Systems that are difficult to learn or temperamental to operate will inevitably become obsolete. If a test is nearly impossible to run, the most flexible platform in the world is worth very little to a clinical lab. Diagnostic platforms that are push-button easy are becoming almost essential, especially because they allow lab members to delegate their time across all of their tasks more efficiently. Automated, load-and-go systems also reduce the opportunity for error, and can even send results to a central monitoring system, eliminating the need to view results on the actual instrument. Ease of use is increasingly important considering the continued shortage of medical laboratory professionals in the workforce. The American Society of Clinical Laboratory Science reported an average vacancy rate of 7.3% in a 2016–2017 survey. Some reasons for this shortage include retirement of an aging workforce, increased demand for laboratory services, changes in laboratory technology, and vacancy rates that exceed the number of new graduates.1
On the Horizon
Looking ahead, it seems safe to predict that the demand for infectious disease testing services will continue to grow, and the patient’s journey will be increasingly reliant on these test results. Lab managers must make careful and strategic choices about which diagnostic technologies are worth investing in. By focusing on flexibility, in addition to specific test requirements, labs can ensure that the platforms they choose will benefit both their workflows and their treatment strategies, while adhering to increasingly stringent reimbursement policies. As the infectious disease testing field evolves, clinical labs that can adapt to evolving needs will be best equipped to deliver reliable, clinically actionable results to physicians and patients.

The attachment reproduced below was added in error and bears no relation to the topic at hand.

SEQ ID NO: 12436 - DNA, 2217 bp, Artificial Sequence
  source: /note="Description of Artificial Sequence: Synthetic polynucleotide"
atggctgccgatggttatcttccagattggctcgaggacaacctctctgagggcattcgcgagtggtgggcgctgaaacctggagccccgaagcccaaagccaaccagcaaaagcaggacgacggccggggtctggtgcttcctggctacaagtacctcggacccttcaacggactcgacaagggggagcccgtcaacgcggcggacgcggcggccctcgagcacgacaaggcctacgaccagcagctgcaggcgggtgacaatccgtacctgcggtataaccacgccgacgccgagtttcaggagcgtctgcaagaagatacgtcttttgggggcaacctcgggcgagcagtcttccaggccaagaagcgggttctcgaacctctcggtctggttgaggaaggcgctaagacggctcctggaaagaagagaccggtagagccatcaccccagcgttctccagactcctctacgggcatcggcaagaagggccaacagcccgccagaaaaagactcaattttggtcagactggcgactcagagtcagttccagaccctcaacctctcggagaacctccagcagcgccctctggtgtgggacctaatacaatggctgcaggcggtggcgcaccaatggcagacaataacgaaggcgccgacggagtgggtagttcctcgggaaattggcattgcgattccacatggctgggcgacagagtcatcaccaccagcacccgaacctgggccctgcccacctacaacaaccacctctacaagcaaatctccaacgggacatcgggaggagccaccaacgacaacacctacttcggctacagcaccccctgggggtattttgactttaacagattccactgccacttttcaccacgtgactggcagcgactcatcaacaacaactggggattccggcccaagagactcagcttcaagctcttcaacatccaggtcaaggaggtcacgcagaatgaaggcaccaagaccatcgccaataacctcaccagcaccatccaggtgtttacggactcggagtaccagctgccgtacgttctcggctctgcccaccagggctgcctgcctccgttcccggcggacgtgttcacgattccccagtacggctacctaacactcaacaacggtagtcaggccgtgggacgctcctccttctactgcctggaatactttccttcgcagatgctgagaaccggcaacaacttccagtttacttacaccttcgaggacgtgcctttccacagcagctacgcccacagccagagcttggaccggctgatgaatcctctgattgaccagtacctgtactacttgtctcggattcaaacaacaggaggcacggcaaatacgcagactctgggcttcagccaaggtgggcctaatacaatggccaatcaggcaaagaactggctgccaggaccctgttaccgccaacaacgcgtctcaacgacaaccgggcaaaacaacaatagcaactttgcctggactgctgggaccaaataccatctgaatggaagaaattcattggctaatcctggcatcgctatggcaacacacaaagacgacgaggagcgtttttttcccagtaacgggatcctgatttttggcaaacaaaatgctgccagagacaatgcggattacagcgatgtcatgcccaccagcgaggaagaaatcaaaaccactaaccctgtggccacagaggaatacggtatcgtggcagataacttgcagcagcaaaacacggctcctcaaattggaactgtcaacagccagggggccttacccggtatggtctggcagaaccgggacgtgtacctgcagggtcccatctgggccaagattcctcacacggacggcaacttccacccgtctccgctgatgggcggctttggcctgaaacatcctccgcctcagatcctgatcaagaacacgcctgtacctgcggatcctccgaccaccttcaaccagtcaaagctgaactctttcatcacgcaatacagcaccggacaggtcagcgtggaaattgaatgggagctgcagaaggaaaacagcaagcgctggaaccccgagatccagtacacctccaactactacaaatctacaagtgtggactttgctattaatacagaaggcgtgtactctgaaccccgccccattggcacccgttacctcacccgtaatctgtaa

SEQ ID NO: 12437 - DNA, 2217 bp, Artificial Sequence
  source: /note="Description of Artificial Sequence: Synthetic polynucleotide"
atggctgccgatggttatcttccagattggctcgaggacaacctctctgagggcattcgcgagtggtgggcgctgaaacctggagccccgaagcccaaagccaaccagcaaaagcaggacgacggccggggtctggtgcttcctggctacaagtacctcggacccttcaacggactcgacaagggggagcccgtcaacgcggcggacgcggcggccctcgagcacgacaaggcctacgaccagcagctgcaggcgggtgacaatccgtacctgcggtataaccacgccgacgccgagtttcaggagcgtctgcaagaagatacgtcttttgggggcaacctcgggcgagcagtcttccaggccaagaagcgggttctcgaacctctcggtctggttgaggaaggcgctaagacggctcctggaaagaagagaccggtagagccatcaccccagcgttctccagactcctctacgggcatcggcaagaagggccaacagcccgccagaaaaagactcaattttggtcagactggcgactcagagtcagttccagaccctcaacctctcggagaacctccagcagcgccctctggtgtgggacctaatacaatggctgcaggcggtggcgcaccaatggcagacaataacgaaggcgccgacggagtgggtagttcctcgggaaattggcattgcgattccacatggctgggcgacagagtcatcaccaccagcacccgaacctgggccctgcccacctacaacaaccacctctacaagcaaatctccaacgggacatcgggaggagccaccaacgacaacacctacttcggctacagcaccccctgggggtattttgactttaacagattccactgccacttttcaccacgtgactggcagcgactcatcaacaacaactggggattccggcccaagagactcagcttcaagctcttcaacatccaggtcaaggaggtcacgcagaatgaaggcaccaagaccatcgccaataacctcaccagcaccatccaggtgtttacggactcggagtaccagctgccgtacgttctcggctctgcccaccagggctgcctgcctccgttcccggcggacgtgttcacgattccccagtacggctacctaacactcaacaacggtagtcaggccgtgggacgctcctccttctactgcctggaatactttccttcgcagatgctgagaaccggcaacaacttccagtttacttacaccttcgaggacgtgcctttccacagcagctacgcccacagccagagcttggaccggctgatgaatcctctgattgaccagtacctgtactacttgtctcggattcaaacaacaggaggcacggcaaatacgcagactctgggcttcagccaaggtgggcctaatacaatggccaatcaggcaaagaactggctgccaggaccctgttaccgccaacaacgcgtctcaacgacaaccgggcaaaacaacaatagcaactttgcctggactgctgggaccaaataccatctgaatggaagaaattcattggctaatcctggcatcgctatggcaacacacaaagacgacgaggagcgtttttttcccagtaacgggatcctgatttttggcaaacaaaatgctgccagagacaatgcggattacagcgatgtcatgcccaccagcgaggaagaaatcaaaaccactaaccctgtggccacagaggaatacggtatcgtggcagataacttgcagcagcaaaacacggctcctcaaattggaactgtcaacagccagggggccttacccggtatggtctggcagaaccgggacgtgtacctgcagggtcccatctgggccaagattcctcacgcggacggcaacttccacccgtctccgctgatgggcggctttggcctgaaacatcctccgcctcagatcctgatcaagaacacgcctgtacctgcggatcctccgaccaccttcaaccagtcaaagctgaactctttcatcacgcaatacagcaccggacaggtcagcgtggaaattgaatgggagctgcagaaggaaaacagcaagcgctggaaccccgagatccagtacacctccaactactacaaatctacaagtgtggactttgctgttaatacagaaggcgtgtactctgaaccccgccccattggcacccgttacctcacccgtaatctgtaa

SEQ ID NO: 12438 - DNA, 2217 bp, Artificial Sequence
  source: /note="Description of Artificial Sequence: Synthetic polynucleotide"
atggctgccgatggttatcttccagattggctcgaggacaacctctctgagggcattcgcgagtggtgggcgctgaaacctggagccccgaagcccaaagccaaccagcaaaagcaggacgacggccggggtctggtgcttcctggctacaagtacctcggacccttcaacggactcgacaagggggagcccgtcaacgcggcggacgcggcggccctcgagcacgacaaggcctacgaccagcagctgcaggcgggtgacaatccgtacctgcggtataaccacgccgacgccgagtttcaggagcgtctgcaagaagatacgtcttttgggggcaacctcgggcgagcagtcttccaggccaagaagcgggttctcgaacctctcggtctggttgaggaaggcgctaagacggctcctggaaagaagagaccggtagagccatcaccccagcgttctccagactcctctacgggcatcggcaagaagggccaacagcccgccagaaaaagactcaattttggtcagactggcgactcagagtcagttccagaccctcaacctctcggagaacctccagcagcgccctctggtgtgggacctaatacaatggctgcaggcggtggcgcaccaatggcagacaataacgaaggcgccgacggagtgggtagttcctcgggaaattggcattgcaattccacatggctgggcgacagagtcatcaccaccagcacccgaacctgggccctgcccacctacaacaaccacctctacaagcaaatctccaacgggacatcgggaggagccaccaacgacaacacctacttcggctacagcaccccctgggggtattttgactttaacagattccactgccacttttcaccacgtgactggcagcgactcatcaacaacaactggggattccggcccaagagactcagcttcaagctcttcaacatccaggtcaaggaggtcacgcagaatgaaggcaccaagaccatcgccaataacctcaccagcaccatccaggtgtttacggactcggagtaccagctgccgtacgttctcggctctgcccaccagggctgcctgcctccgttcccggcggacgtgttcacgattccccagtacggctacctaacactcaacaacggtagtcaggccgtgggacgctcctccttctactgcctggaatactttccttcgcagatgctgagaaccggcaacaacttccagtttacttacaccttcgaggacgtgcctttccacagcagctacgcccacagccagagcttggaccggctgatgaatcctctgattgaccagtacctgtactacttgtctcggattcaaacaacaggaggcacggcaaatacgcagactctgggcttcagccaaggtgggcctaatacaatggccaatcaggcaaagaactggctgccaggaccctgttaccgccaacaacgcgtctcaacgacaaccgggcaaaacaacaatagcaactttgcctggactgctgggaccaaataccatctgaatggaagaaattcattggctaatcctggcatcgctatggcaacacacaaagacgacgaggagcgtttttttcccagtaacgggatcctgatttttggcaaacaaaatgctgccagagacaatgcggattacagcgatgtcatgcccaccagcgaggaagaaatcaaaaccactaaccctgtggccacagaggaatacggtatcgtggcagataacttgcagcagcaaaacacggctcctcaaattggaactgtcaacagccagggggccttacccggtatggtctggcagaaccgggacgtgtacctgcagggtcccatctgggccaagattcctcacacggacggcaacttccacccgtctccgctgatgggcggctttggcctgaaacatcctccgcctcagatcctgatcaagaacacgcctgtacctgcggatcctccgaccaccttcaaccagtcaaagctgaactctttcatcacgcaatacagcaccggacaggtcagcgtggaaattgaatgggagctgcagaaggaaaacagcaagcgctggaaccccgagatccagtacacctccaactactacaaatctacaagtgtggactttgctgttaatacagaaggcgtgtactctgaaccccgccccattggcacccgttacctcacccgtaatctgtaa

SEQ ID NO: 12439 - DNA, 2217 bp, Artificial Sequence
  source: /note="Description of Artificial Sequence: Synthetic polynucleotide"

Sherry Dunbar is Senior Director, Global Scientific Affairs for Luminex Corporation.
1. Flanigan, J. Addressing the Clinical Laboratory Workforce Shortage. The American Society for Clinical Laboratory Science. Cited 2020 Feb. Available from: https://www.ascls.org/position-papers/321-laboratory-workforce/440-addressing-the-clinical-laboratory-workforce-shortage.